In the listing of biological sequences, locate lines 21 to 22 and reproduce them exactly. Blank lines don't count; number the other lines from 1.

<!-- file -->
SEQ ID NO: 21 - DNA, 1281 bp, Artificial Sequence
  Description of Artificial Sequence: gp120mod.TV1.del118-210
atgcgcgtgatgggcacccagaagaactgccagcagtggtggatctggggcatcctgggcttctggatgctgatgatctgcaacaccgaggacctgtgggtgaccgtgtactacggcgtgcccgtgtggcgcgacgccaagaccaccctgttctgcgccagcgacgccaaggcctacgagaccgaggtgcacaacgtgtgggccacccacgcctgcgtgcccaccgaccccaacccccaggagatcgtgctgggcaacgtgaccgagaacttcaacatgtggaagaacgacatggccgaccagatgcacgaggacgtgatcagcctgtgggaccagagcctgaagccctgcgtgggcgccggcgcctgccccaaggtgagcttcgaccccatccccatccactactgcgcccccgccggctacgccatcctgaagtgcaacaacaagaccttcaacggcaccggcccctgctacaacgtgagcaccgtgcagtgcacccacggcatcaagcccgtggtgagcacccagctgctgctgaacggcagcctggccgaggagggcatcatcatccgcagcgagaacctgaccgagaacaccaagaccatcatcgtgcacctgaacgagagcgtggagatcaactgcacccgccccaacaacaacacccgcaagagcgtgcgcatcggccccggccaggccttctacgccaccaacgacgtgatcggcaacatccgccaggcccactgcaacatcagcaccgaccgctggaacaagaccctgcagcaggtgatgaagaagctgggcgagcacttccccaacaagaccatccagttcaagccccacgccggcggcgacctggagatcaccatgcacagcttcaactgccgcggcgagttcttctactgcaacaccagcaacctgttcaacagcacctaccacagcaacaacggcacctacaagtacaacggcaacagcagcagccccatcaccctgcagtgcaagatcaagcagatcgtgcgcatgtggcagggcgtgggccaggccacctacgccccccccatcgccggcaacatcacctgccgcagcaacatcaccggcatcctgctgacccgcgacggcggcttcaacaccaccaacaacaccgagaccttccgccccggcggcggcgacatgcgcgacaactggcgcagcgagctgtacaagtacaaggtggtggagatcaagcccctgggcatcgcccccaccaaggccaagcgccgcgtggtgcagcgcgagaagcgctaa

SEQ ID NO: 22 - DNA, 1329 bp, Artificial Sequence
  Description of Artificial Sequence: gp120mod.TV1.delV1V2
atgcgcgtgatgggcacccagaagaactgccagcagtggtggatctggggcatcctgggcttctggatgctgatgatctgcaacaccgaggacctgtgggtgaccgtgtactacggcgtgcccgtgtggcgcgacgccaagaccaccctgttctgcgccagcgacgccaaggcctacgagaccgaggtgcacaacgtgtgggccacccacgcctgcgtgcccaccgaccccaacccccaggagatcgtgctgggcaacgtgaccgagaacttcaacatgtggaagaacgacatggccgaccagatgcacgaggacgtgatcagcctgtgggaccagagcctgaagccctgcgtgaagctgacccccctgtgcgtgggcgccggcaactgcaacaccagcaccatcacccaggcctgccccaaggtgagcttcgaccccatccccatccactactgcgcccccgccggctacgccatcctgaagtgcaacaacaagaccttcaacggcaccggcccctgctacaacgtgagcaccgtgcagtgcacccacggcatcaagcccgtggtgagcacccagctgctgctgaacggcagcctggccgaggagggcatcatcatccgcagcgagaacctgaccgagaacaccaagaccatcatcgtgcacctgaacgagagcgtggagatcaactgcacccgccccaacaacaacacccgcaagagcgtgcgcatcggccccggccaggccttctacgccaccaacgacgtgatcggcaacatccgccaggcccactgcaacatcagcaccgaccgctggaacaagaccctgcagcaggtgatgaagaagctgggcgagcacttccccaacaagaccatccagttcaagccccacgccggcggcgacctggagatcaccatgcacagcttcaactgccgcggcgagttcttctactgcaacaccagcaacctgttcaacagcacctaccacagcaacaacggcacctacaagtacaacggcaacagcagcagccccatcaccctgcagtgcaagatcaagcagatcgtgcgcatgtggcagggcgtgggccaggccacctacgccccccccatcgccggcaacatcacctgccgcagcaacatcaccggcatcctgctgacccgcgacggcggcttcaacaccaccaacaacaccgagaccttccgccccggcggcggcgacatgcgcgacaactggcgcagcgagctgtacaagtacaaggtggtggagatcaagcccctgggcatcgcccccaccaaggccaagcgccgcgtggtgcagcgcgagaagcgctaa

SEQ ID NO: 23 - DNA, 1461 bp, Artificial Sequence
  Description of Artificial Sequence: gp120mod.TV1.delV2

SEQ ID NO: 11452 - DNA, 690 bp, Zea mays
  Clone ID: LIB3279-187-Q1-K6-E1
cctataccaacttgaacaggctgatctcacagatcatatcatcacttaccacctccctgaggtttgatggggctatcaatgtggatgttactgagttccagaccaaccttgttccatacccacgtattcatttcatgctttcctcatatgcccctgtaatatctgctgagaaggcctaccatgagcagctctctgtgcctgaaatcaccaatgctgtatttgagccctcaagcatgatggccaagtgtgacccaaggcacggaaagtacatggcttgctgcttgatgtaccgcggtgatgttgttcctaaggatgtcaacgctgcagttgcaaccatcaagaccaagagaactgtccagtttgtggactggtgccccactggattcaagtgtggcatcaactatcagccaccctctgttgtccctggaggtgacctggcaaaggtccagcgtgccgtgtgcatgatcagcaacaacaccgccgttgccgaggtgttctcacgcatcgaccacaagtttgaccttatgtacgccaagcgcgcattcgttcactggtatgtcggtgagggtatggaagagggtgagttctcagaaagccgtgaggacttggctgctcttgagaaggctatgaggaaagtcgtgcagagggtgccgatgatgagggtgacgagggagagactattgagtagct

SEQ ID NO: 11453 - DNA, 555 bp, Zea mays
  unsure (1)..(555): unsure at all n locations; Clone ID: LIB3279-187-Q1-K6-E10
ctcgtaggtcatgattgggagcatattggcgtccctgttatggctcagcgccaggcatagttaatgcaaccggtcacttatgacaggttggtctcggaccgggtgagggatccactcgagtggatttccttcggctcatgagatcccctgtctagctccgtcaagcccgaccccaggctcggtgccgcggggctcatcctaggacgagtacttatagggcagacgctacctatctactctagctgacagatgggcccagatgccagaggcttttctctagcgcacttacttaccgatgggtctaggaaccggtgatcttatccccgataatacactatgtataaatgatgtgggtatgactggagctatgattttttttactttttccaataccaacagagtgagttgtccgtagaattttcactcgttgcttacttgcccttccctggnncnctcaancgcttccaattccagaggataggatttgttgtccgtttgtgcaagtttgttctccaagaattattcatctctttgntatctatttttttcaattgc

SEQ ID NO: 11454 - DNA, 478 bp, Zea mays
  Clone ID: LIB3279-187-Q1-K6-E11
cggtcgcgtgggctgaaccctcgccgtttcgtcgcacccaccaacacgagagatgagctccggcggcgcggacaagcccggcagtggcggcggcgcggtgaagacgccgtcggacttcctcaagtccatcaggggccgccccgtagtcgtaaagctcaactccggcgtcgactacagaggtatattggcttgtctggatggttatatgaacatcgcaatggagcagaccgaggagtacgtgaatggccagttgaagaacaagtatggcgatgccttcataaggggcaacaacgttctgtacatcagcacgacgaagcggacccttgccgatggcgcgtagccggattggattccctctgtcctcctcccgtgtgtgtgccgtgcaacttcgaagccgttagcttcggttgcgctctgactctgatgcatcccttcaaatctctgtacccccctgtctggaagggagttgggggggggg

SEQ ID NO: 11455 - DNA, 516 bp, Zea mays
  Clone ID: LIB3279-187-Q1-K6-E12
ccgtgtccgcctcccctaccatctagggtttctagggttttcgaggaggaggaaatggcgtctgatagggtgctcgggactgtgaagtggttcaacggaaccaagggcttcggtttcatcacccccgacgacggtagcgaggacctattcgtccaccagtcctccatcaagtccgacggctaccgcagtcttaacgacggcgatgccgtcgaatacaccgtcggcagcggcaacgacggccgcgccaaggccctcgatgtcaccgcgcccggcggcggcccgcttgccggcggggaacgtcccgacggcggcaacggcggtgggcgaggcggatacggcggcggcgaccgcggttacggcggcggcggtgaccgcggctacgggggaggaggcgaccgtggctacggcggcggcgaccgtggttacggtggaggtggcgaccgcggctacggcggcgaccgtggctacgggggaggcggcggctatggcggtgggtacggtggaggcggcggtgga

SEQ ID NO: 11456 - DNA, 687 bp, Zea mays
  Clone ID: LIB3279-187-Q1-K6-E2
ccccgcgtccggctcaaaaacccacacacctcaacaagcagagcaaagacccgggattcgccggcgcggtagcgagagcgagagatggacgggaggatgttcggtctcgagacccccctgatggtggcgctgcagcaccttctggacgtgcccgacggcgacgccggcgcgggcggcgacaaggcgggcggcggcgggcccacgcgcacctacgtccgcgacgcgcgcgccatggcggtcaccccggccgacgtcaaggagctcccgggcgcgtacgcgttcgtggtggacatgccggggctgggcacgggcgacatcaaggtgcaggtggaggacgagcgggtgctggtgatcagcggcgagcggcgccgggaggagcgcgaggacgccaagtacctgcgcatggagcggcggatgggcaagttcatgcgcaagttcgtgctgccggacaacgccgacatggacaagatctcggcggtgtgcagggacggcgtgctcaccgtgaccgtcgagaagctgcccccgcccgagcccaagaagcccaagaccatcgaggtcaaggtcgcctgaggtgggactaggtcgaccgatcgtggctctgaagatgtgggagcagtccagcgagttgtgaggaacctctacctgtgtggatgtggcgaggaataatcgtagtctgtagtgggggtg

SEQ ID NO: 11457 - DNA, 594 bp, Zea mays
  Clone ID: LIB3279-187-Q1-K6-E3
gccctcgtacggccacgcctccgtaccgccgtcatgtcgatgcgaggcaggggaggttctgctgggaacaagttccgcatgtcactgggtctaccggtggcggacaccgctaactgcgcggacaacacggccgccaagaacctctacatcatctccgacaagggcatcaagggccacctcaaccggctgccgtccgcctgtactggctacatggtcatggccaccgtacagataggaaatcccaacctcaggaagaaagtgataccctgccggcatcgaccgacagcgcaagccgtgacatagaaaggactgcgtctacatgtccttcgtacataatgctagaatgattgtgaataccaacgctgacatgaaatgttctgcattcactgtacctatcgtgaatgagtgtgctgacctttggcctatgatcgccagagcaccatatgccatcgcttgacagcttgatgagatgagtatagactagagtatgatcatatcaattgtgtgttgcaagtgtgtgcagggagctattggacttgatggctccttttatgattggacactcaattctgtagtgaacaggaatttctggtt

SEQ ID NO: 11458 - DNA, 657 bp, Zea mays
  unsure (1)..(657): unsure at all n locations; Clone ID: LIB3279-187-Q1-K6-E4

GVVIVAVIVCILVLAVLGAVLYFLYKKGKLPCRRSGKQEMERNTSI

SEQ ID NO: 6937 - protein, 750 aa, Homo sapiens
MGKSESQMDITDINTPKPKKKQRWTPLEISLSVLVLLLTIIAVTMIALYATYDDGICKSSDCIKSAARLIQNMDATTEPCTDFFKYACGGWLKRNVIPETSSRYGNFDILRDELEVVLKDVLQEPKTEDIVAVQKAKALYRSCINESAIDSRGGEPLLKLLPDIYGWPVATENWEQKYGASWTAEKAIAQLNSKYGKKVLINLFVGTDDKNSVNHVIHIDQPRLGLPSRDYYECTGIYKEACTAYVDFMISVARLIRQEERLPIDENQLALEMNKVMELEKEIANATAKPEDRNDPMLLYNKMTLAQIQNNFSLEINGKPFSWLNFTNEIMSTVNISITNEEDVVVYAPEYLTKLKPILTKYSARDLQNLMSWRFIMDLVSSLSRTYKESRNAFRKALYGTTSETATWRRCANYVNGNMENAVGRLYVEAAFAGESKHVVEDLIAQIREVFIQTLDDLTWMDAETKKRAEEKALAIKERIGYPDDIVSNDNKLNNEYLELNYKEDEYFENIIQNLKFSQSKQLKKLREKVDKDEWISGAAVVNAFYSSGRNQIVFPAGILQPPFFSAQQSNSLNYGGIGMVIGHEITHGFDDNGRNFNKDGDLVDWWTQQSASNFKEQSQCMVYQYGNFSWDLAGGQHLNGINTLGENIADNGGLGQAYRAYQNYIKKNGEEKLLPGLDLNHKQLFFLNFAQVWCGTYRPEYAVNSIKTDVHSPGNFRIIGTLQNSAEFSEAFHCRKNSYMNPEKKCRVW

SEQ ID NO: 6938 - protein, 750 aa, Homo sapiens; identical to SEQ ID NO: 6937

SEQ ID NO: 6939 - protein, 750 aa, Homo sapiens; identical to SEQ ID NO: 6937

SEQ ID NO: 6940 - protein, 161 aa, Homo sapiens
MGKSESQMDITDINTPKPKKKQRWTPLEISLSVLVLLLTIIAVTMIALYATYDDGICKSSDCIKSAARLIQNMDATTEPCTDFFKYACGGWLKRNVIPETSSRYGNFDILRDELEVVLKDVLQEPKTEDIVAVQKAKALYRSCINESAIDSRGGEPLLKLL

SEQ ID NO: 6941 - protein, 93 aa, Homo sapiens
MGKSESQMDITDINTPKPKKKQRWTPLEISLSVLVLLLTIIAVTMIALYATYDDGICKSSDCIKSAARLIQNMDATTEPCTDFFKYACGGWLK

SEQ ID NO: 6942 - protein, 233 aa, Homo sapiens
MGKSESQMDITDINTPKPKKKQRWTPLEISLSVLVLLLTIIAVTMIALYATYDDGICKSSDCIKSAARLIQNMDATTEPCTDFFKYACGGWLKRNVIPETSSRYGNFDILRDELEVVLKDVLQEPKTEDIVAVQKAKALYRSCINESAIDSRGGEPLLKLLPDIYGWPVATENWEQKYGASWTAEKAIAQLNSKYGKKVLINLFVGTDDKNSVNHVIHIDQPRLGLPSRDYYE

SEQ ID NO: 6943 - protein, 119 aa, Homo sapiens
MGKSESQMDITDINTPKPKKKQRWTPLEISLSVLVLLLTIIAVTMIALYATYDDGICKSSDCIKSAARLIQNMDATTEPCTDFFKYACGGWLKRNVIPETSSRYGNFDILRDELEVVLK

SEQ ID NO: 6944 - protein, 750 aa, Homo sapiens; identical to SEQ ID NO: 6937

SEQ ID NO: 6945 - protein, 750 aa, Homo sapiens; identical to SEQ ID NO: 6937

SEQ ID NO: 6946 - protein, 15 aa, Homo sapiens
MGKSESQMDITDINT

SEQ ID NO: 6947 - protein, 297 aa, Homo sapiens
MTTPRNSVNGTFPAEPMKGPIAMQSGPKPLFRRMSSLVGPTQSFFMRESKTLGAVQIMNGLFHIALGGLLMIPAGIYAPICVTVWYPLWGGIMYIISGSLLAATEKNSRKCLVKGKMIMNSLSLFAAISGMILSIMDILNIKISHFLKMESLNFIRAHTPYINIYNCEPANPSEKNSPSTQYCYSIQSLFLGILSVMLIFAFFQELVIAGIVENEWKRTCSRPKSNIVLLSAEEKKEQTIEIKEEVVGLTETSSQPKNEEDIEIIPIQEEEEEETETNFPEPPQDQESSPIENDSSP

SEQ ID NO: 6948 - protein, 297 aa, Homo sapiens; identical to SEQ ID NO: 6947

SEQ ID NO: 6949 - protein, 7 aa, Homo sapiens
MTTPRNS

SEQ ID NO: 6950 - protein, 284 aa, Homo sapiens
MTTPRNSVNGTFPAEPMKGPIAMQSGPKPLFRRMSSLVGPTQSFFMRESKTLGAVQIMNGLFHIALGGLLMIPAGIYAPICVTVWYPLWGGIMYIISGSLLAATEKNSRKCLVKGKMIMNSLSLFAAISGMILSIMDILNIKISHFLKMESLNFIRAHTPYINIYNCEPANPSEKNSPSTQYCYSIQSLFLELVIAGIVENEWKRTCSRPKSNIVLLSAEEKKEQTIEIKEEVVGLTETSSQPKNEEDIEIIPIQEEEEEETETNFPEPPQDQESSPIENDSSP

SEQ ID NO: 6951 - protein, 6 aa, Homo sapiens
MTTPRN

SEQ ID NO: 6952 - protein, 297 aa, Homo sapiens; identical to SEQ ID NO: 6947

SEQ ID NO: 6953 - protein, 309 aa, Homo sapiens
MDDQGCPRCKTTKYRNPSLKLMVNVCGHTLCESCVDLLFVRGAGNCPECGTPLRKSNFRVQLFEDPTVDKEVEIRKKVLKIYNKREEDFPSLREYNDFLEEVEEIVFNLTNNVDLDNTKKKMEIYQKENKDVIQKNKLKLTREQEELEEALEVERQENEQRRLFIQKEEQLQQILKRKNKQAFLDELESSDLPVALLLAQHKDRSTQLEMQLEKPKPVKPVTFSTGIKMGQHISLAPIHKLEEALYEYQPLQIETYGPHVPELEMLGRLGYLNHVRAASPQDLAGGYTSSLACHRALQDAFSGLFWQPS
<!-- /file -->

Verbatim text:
SEQ ID NO: 11456 - DNA, 687 bp, Zea mays
  Clone ID: LIB3279-187-Q1-K6-E2